From Fashion Week to Fashion Island, New York City to Newport Beach, automotive event marketing has been in high gear. Throughout 2017, the auto brands took to music festivals, film fests and fashion shows, plied the city streets, followed country roads and headed down wilderness trails to connect with car buyers. Along the way, they fired up VR and brain wave technology, built immersive brand houses, forged creative partnerships and even deployed good ol’ ride and drives for those incomparable behind-the-wheel experiences. As they rev up for 2018, we’d like to take you on a spin through the best of the year’s auto activations, and we’re betting there’s even more excitement down the road.
ACURA MOOD ROADS
First stop, Acura Mood Roads, which kicked off the year at Sundance by leveraging VR and brain wave technology in a personalized NSX supercar engagement that resonated with the film festival’s independent-minded attendees.
Participants entered a spherical motion simulator equipped with a performance driver’s seat and 30 biometric sensors that measured 24 integration points, such as their brainwaves, heartbeat and facial expressions. Once buckled in, they experienced a customized journey in real time as landscape, color, music and speed all changed based on their mood as interpreted by the sensors. As a result, no two driving experiences were exactly the same. “Instead of us controlling the experience, the user actually controlled the experience from a sound, feeling and visual perspective,” says Jennifer Fini, manager-new media strategy and activation at Acura.
As opposed to the traditional VR set-up, users looked directly at a high-definition immersive, almost 360-degree “Mood Roads” screen without the cumbersome goggles required in other activations. Instead, they wore headsets that measured their biometric inputs. “From a sound, feeling and visual perspective, it is a first-of-its-kind integration of these different technologies in this way,” Fini says. Indeed.
Next stop, Cadillac House, which opened last year on the ground level of the brand’s new global headquarters in New York City’s trendy SoHo neighborhood and is still going strong. “We wanted it to be the first public-facing stakes in the ground of establishing Cadillac as New York City’s hometown automaker and as an engaged corporate citizen following our move here from Detroit,” says Nathan Tan, associate director-partnership and experience at Cadillac.
Designed not as a showroom or retail environment, the 12,000 square-foot permanent space lives at the intersection of the arts, culture, fashion and culinary worlds. A gallery showcases cutting-edge contemporary art; a retail pop-up features up-and-coming designers. There’s a café hosted by local roaster JOE Coffee, and then there are, of course, the cars on display. People can attend Cadillac House After Hours, a weeknight cocktail series collaboration with hip New York City bars that offers live jazz. Other recent events have included a City Harvest dinner series, Andy Warhol’s Portrait of America and a Toilet Paper Paradise installation. As of press time, artist Daniel Arsham’s Lunar Garden, a reinterpretation of a Japanese rock garden, was on exhibit (Agency: Gensler, New York City).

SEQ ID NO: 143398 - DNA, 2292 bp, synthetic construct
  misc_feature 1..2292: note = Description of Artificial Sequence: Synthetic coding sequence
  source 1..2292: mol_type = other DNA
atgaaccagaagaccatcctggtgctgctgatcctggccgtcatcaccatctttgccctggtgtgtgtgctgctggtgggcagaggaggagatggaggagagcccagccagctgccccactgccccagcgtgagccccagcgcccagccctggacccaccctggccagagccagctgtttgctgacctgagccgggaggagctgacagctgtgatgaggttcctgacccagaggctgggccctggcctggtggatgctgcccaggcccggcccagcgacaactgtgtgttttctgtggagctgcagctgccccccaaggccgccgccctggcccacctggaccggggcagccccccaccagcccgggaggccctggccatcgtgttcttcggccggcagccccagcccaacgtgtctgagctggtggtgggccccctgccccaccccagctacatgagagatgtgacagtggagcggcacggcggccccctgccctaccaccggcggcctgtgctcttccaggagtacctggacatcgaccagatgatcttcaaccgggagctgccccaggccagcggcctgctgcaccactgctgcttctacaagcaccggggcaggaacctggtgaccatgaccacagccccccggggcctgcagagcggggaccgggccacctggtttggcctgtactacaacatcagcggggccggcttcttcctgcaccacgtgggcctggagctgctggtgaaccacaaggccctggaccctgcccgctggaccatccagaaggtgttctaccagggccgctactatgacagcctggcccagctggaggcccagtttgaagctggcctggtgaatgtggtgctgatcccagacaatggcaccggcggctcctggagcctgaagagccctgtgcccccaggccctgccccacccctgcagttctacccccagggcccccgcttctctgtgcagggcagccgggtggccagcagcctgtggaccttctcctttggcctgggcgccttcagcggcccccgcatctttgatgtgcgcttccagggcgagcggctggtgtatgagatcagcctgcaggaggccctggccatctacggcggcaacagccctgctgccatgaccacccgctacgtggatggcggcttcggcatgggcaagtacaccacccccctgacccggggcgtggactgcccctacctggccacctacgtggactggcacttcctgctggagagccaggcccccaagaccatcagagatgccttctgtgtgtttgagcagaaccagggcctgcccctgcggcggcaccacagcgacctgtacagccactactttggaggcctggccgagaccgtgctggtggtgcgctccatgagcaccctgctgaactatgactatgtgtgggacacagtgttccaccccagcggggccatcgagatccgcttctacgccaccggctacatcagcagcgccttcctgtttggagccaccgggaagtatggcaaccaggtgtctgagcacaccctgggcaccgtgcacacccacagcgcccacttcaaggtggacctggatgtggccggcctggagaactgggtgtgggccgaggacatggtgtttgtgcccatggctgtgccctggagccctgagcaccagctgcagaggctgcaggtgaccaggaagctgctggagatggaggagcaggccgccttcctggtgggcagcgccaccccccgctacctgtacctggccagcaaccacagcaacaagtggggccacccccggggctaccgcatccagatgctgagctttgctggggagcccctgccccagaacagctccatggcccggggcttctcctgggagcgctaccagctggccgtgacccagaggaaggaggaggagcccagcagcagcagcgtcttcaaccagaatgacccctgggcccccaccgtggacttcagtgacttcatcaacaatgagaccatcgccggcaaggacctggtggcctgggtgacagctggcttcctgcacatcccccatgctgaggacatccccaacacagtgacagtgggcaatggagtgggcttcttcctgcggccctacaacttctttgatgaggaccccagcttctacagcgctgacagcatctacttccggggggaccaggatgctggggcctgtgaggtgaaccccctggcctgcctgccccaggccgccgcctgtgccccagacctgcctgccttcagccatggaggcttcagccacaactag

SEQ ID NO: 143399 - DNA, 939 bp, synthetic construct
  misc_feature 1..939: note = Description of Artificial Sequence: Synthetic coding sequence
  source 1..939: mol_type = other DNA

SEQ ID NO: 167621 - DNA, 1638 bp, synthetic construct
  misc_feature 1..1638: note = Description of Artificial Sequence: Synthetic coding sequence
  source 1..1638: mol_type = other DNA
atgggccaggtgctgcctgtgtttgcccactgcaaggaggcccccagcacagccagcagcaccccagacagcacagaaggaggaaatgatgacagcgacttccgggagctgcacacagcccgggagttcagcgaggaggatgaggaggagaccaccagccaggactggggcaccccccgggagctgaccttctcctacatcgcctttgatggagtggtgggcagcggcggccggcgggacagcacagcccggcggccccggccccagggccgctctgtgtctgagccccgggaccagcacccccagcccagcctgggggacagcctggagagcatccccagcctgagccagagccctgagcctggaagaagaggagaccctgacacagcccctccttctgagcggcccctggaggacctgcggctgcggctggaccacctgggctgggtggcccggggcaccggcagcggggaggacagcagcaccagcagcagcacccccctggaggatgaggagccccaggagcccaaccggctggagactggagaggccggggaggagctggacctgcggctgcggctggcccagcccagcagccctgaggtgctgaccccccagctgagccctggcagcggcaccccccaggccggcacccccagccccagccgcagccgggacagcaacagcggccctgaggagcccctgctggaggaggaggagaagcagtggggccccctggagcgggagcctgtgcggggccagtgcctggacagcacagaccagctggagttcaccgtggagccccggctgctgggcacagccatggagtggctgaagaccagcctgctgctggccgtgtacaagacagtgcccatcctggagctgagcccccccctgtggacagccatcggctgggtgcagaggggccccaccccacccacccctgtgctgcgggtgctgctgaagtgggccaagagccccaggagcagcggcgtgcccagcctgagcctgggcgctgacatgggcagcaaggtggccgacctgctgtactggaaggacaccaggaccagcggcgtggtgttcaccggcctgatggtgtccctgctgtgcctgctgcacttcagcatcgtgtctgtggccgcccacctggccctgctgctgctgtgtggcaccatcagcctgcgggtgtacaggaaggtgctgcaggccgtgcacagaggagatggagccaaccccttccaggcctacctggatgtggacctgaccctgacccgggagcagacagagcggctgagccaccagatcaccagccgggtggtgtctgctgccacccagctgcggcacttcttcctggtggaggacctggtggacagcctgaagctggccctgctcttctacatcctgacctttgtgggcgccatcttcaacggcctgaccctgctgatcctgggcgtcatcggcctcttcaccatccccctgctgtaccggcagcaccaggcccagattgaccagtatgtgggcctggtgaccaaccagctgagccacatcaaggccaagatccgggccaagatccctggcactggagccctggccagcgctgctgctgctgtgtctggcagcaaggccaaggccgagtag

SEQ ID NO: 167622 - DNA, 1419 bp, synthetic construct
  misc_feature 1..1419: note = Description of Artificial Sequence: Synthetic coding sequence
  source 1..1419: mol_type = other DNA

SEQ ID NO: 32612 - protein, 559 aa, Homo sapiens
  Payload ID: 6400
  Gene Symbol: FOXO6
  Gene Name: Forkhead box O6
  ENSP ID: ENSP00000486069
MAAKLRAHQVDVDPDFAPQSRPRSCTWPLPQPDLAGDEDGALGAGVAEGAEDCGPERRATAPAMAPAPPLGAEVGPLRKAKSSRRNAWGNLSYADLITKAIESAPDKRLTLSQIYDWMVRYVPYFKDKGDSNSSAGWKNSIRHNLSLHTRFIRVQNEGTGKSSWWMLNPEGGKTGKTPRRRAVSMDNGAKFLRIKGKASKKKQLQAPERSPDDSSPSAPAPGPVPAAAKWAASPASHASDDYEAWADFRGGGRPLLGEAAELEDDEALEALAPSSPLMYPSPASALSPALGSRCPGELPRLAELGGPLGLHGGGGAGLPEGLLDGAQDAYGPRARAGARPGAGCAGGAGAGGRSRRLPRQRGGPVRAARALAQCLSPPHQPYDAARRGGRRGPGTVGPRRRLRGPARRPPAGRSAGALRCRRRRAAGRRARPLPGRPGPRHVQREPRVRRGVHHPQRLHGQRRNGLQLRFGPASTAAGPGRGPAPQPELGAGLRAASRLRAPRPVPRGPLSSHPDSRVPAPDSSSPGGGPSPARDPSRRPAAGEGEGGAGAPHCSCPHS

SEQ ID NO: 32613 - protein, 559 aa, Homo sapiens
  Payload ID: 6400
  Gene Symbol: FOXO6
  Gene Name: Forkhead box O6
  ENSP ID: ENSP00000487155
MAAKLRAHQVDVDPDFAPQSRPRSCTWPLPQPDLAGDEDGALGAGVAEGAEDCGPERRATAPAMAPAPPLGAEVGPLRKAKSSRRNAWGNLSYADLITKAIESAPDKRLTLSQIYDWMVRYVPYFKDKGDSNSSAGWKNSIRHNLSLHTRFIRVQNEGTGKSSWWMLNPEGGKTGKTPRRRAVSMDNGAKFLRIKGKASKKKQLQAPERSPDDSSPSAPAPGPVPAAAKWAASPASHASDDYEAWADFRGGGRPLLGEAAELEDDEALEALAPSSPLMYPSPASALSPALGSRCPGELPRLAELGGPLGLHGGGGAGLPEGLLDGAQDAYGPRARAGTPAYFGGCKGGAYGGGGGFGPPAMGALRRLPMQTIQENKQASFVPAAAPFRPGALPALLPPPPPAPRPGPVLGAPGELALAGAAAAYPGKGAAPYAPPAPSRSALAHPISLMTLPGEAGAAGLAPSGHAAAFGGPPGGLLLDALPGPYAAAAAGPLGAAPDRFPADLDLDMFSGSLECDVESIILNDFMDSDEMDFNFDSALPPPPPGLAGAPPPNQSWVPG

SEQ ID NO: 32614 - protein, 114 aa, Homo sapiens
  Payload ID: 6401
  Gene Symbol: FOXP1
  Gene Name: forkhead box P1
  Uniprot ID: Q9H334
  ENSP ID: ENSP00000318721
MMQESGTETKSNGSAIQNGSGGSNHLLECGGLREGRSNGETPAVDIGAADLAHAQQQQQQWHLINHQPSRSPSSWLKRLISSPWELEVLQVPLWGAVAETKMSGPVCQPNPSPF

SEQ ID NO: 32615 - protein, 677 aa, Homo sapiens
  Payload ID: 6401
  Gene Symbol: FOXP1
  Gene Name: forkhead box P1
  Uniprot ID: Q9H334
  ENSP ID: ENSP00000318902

The Lincoln Experience Center at The Star in Frisco, Texas, is another great brand expression. This is Lincoln’s second such facility, which opened in late August, and follows on the heels of its first, at Fashion Island in Newport Beach. The Star also houses the Dallas Cowboys World Headquarters, a convenient location since Lincoln became the official automobile of the team last year. The fact that Dallas is the second fastest-growing luxury market in the U.S., after California, doesn’t hurt either.
Both Lincoln Experience Centers exemplify the brand’s mission to provide personalized client services and “effortless” ownership as part of a reinvention strategy to change consumer perception about the brand and its cars five years ago. The newest Experience Center offers a connectivity lounge, a “story wall” where consumers can learn about the brand, an interactive digital “configurator” where they can design their own model, a space where they can immerse themselves in Lincoln’s Black Label themes and Revel sound system, schedule a test drive and more. Oh, and enjoy an exclusive blend of coffee in the onsite café. There’s water and treats for the pups, too.
According to Lincoln, 90 percent of Experience Center guests say their visits have changed their view of the brand, which is impressive since 87 percent of them are competitive owners. Seems like Lincoln may be on to something.
Speaking of experiences, that’s just what Ford brought to its auto show engagement with its augmented reality-enabled dive into the technology underlying three of its vehicles—the Ford GT, the 2018 F-150 pickup truck and the EcoSport SUV. The result was a virtual demo that immersed show attendees in the features of the cars in a memorable and understandable way.
Ford’s AR installation relied on a system of stereoscopic cameras, tracking software and a game engine that overlaid 3D graphics on a live video feed, which made the vehicles appear transparent, as if they were made of crystal. The resulting AR footage was displayed in real-time on a two-story, high-resolution LED screen behind the cars, so without having to wear goggles or headsets, attendees could follow along with the narrator who presented the vehicles and highlighted their high-tech features.